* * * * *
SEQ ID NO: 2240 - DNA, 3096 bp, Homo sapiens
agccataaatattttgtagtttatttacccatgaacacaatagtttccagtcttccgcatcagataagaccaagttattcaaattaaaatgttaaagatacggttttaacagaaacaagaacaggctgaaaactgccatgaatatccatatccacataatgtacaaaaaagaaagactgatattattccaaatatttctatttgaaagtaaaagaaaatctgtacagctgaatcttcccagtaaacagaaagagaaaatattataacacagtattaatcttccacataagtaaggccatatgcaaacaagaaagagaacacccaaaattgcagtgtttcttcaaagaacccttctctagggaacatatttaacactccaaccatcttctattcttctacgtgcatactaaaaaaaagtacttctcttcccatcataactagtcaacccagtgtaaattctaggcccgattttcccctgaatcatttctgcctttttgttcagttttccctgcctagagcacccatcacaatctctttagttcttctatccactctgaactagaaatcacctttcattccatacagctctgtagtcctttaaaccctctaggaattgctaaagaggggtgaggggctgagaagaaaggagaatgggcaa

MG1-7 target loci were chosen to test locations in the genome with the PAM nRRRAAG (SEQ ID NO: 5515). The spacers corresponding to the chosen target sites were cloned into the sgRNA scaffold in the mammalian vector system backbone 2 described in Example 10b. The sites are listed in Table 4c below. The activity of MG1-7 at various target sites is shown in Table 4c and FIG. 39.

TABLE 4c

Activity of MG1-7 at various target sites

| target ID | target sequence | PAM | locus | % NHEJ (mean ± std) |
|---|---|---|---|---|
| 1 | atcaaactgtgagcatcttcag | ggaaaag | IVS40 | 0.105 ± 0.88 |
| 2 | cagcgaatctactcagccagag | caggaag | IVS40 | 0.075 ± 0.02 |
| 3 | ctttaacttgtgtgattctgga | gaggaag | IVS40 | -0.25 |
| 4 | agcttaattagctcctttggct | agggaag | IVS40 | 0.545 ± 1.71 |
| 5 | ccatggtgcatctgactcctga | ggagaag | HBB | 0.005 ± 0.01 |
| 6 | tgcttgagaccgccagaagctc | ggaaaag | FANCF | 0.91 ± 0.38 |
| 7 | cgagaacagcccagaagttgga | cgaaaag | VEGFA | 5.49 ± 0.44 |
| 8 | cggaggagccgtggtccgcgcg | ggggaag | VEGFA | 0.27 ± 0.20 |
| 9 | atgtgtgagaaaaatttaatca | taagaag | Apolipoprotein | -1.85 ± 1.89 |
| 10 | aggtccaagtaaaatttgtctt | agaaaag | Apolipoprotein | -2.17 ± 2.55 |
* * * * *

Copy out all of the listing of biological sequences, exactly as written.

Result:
SEQ ID NO: 2240 - DNA, 3096 bp, Homo sapiens
agccataaatattttgtagtttatttacccatgaacacaatagtttccagtcttccgcatcagataagaccaagttattcaaattaaaatgttaaagatacggttttaacagaaacaagaacaggctgaaaactgccatgaatatccatatccacataatgtacaaaaaagaaagactgatattattccaaatatttctatttgaaagtaaaagaaaatctgtacagctgaatcttcccagtaaacagaaagagaaaatattataacacagtattaatcttccacataagtaaggccatatgcaaacaagaaagagaacacccaaaattgcagtgtttcttcaaagaacccttctctagggaacatatttaacactccaaccatcttctattcttctacgtgcatactaaaaaaaagtacttctcttcccatcataactagtcaacccagtgtaaattctaggcccgattttcccctgaatcatttctgcctttttgttcagttttccctgcctagagcacccatcacaatctctttagttcttctatccactctgaactagaaatcacctttcattccatacagctctgtagtcctttaaaccctctaggaattgctaaagaggggtgaggggctgagaagaaaggagaatgggcaa

MG1-7 target loci were chosen to test locations in the genome with the PAM nRRRAAG (SEQ ID NO: 5515). The spacers corresponding to the chosen target sites were cloned into the sgRNA scaffold in the mammalian vector system backbone 2 described in Example 10b. The sites are listed in Table 4c below. The activity of MG1-7 at various target sites is shown in Table 4c and FIG. 39.

TABLE 4c

Activity of MG1-7 at various target sites

| target ID | target sequence | PAM | locus | % NHEJ (mean ± std) |
|---|---|---|---|---|
| 1 | atcaaactgtgagcatcttcag | ggaaaag | IVS40 | 0.105 ± 0.88 |
| 2 | cagcgaatctactcagccagag | caggaag | IVS40 | 0.075 ± 0.02 |
| 3 | ctttaacttgtgtgattctgga | gaggaag | IVS40 | -0.25 |
| 4 | agcttaattagctcctttggct | agggaag | IVS40 | 0.545 ± 1.71 |
| 5 | ccatggtgcatctgactcctga | ggagaag | HBB | 0.005 ± 0.01 |
| 6 | tgcttgagaccgccagaagctc | ggaaaag | FANCF | 0.91 ± 0.38 |
| 7 | cgagaacagcccagaagttgga | cgaaaag | VEGFA | 5.49 ± 0.44 |
| 8 | cggaggagccgtggtccgcgcg | ggggaag | VEGFA | 0.27 ± 0.20 |
| 9 | atgtgtgagaaaaatttaatca | taagaag | Apolipoprotein | -1.85 ± 1.89 |
| 10 | aggtccaagtaaaatttgtctt | agaaaag | Apolipoprotein | -2.17 ± 2.55 |